So how can the figures be so skewed? My only explanation is that there must be a lot of people who use a lot more gas than I do - the elderly perhaps who have their heating on all day, every day, even in the summer.
News Tristan on 19 Jan 2009
I read the main story on the front page of The Times today, about the hundreds of billions to bail out the banks again and was utterly bemused.
The banks have already had £37billion pounds just three months ago (October 2008), how on earth do they now need more funding? According to the article in The Times the government are planning a £200billion bailout, which will include a new £100billion mortgage guarantee scheme which to underwrite inter-bank lending.
In another story, the part state owned Royal Bank of Scotland is set to post a UK record loss of around £28billion, as reported on The Times online here. The government is also set to increase its stake in the bank from 58% to 70%, rasing questions about whether it will eventually be nationalised.
The majority of the losses seem to have been caused by RBS’s exposure to US sub prime loans and the acquisition of ABN Amro, which also had a large exposure to US sub prime loans. The share price has fallen to a 24 year low of 19.8p. Might be worth taking a punt on this bank at that price, though I wouldn’t expect to receive a dividend on it for a while…a long while.
Cost Of Living Contented Dad on 18 Jan 2009
In one of Tristan’s recent posts he discusses ways of reducing your shopping bill to free up cash for investment.
One way to identify those items that are probably best suited to the “own brand” type of saving are those that are everyday commodities.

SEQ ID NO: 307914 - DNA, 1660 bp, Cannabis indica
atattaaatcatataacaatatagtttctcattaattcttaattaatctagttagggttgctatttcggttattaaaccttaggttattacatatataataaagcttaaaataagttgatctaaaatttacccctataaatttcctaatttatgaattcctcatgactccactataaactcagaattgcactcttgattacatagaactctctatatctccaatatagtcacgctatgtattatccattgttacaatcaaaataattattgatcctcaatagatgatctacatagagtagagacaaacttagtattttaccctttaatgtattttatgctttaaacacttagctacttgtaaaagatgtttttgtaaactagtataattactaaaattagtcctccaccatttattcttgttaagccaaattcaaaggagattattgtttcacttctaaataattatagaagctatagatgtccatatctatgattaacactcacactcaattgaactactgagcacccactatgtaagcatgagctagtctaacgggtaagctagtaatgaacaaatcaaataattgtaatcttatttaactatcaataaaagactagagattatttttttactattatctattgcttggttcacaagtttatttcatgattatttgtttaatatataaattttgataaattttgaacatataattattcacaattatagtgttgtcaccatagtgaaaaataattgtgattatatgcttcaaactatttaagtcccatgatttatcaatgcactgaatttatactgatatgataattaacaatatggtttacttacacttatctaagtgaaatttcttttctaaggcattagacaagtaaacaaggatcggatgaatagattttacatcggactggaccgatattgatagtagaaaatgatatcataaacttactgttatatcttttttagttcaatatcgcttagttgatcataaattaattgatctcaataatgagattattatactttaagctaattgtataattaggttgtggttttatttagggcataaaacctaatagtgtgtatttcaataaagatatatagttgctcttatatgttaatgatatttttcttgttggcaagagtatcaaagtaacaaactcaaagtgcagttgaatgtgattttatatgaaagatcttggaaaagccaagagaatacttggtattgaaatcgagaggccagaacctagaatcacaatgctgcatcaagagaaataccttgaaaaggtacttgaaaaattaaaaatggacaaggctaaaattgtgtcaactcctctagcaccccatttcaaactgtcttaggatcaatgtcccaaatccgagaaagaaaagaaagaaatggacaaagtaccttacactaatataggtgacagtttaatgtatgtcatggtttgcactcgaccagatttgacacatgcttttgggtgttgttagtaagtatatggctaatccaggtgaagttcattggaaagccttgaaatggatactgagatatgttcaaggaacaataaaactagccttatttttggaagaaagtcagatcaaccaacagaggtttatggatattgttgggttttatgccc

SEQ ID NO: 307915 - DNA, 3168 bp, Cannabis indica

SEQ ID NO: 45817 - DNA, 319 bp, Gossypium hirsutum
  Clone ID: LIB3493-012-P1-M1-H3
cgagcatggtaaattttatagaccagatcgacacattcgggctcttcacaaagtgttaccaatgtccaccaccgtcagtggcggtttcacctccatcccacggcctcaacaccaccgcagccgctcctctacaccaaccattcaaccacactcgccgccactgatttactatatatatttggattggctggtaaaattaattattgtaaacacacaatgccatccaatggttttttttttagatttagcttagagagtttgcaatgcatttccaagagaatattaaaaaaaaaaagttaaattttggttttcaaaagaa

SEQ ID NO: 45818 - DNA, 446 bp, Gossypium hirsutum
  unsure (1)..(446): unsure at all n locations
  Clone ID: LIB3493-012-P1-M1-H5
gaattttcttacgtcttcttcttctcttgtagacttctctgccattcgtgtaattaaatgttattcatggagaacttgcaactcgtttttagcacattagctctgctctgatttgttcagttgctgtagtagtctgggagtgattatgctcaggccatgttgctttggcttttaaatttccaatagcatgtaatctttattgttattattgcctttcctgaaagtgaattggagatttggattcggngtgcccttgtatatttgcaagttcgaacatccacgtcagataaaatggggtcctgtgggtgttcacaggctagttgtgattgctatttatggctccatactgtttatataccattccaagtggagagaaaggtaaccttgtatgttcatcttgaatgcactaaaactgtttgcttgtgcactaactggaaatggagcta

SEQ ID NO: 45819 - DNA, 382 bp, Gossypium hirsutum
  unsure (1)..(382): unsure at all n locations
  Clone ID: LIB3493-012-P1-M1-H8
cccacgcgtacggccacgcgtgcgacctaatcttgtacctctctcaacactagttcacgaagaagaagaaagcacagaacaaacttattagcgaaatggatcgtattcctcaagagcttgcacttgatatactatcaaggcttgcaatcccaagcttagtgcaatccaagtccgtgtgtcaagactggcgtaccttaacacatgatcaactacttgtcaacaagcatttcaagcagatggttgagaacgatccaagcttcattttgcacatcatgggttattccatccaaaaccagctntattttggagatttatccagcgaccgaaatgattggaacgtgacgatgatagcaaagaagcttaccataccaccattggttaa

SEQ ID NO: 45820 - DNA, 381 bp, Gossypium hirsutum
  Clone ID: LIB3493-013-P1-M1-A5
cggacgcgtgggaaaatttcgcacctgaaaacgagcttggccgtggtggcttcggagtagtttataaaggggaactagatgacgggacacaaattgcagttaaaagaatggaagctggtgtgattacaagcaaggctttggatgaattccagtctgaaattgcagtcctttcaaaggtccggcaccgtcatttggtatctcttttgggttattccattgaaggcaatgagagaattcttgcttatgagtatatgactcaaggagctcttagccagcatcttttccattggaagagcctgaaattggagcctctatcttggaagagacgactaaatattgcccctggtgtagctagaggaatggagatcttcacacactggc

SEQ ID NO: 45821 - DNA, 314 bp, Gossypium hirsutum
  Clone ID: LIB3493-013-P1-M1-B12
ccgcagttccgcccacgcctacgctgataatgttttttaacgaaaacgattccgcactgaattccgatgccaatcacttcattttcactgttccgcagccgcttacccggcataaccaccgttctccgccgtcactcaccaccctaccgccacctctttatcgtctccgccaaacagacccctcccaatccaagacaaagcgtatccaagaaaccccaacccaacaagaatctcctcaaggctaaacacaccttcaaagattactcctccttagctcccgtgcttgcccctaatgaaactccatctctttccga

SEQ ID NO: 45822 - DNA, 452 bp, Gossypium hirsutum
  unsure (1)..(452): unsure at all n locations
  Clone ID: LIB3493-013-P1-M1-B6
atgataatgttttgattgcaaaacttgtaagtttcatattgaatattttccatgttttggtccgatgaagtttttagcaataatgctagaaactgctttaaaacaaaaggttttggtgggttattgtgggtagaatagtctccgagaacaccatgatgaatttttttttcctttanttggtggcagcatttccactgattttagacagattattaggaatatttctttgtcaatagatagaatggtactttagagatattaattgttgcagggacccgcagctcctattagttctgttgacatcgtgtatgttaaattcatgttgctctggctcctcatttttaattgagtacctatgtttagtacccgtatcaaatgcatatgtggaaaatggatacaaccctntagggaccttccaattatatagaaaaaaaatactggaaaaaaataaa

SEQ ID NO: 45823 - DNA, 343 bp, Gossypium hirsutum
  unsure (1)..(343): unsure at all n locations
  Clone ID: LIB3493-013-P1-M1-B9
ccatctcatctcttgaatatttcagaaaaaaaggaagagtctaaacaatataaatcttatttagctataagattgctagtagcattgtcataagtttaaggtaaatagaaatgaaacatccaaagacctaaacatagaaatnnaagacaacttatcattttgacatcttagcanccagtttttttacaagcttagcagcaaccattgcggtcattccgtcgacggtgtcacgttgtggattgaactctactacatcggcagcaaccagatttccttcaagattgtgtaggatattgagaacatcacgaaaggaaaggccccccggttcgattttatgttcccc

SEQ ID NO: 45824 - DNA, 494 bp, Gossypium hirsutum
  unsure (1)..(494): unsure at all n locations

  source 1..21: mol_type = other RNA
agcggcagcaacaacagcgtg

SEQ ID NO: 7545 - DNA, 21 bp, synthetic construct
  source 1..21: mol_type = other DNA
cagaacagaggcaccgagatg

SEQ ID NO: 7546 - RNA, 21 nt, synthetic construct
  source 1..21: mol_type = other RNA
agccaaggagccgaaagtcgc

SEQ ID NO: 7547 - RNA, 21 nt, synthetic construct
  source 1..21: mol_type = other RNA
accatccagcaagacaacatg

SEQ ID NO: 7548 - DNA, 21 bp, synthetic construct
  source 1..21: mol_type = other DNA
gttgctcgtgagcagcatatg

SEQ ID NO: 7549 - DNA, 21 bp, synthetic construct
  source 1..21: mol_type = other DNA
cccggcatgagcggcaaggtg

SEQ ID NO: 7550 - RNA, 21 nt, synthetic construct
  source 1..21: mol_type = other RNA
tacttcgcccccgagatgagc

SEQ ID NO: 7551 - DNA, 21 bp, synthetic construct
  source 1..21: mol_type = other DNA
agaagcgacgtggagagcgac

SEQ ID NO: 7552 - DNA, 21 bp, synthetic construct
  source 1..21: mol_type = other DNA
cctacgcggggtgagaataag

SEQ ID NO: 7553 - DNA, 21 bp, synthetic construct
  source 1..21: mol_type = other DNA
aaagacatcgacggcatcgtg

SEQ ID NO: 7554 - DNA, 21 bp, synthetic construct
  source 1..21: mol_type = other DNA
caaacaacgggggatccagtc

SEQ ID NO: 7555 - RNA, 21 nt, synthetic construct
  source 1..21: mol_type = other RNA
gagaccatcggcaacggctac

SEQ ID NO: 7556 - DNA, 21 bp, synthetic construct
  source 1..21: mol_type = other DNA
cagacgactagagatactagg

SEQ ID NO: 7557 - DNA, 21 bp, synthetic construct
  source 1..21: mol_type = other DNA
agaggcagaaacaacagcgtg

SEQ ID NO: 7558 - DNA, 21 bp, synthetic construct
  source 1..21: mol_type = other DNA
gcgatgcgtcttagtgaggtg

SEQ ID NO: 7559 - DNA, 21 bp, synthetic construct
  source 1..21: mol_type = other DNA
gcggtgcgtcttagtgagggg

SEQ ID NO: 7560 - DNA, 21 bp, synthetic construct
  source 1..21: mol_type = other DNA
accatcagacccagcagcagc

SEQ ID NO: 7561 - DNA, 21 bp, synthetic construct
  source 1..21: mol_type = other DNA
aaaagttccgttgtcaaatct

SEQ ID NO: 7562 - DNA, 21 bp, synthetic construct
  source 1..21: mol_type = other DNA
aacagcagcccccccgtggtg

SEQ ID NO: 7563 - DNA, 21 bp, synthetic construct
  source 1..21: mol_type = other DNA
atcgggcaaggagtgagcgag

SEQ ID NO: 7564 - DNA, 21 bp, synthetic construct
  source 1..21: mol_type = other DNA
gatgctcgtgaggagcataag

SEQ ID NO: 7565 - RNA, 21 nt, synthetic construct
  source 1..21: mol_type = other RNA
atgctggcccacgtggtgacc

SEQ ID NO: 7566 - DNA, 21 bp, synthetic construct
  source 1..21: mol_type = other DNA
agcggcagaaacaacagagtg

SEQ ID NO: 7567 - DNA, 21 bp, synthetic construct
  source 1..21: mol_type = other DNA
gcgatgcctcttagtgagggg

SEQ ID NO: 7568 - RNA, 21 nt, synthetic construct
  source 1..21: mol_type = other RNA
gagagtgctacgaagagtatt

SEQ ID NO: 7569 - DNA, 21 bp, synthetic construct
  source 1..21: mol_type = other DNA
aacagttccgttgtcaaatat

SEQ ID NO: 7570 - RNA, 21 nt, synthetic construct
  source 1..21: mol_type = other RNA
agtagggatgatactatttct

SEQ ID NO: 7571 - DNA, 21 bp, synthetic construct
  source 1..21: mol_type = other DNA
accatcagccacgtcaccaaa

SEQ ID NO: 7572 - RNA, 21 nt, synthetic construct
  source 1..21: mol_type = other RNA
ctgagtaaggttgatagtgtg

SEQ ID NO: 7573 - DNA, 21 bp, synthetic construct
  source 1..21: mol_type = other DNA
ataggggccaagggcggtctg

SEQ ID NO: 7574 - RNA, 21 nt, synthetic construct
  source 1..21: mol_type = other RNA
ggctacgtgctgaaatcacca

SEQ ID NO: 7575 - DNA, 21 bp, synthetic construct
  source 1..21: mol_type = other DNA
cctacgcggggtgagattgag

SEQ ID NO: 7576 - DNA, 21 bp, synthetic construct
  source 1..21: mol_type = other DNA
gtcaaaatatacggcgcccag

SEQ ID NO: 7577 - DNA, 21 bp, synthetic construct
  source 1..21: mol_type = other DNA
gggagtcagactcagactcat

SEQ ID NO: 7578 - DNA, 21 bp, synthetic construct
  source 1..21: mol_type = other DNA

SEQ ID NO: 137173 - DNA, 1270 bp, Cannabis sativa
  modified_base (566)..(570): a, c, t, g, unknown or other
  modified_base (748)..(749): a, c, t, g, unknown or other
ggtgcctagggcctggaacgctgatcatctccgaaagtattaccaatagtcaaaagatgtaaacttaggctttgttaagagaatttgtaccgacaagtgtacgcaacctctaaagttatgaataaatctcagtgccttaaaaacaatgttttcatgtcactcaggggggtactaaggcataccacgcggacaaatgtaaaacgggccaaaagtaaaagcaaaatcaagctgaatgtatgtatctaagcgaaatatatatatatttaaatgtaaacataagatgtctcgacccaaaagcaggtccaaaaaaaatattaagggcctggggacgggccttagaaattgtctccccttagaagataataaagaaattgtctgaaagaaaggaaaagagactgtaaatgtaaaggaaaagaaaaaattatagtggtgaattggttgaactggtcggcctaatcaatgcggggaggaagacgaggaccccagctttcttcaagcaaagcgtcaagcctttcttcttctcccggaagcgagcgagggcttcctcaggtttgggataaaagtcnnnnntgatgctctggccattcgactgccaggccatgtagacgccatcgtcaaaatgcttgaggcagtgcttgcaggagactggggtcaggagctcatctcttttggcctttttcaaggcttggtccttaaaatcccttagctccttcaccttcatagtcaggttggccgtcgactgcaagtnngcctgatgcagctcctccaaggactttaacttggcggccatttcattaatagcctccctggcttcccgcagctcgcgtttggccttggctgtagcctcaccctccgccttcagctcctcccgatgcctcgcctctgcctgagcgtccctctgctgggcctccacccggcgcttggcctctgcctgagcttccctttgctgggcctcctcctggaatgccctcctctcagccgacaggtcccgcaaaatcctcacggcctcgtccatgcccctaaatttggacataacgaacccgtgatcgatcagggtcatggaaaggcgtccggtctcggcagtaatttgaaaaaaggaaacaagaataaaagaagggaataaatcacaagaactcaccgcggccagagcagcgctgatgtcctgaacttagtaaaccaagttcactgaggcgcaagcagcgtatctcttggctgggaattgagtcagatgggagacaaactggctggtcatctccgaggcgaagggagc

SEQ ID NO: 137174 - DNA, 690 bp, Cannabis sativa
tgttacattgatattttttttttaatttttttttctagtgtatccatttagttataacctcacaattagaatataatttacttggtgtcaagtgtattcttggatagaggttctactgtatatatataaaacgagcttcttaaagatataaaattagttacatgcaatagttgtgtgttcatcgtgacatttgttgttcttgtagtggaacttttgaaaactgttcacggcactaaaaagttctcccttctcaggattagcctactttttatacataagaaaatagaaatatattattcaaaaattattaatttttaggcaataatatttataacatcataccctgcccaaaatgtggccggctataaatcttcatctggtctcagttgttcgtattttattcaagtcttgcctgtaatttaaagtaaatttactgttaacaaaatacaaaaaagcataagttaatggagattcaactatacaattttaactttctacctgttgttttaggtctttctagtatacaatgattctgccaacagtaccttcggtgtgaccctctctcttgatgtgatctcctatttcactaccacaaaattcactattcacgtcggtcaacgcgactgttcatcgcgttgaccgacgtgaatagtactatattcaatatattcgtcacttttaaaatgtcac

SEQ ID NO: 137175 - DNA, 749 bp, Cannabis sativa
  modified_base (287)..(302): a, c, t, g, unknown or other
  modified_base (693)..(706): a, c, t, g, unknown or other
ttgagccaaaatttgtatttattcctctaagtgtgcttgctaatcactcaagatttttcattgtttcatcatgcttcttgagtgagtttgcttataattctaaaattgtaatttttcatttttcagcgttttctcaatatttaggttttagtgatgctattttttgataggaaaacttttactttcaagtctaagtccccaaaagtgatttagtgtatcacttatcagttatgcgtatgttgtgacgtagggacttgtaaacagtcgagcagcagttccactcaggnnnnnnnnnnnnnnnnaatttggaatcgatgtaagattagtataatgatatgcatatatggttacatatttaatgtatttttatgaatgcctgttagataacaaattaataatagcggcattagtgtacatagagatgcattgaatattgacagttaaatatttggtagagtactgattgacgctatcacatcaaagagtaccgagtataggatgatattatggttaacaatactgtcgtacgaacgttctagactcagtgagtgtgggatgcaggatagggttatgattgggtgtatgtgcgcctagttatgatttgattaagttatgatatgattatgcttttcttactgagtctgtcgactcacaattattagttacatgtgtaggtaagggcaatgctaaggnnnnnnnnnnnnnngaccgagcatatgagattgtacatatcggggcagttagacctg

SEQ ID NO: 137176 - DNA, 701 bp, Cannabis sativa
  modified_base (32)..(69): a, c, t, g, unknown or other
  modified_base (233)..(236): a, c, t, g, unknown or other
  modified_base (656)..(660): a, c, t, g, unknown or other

What do I mean by this? Well think about what we generally mean by a commodity.
Anything that is a basic product or feedstock and that is difficult to differentiate is typically a commodity. Think of oil, metal ores, coal, grains and such like.
What has this to do with our shopping?
One of the best examples of everyday commodity purchasing has always been washing powder. The chemicals contained within a box of washing powder are typically no different from one brand to another.
How can you be pretty certain about this?
Take a look at the effort and budget that the various manufacturers put in to trying to convince us that their product is better than their competitors’. The bigger the budget, the smaller will be the real difference between competing products.
One more reason to go with the “own brand” offering – the only real differentiator in this range of products is price!
The same logic can be applied to an amazing variety of products from those as complex as cars or electronic goods to cosmetics.
I can remember the days (long ago), when the cognoscenti used to make disparaging comments about the early Japanese car imports to the UK. Those few that actually looked at them from an unbiased viewpoint soon realised there was a great deal to be said for them in terms of value for money. Where are the great marques of those long ago days? Mostly just a memory, or like Mercedes languishing low in the reliability surveys in comparison to these upstarts.
What is the point of this?
Simply that the size of the marketing budget is a good, if not infallible, pointer to the lack of differentiation between competing products.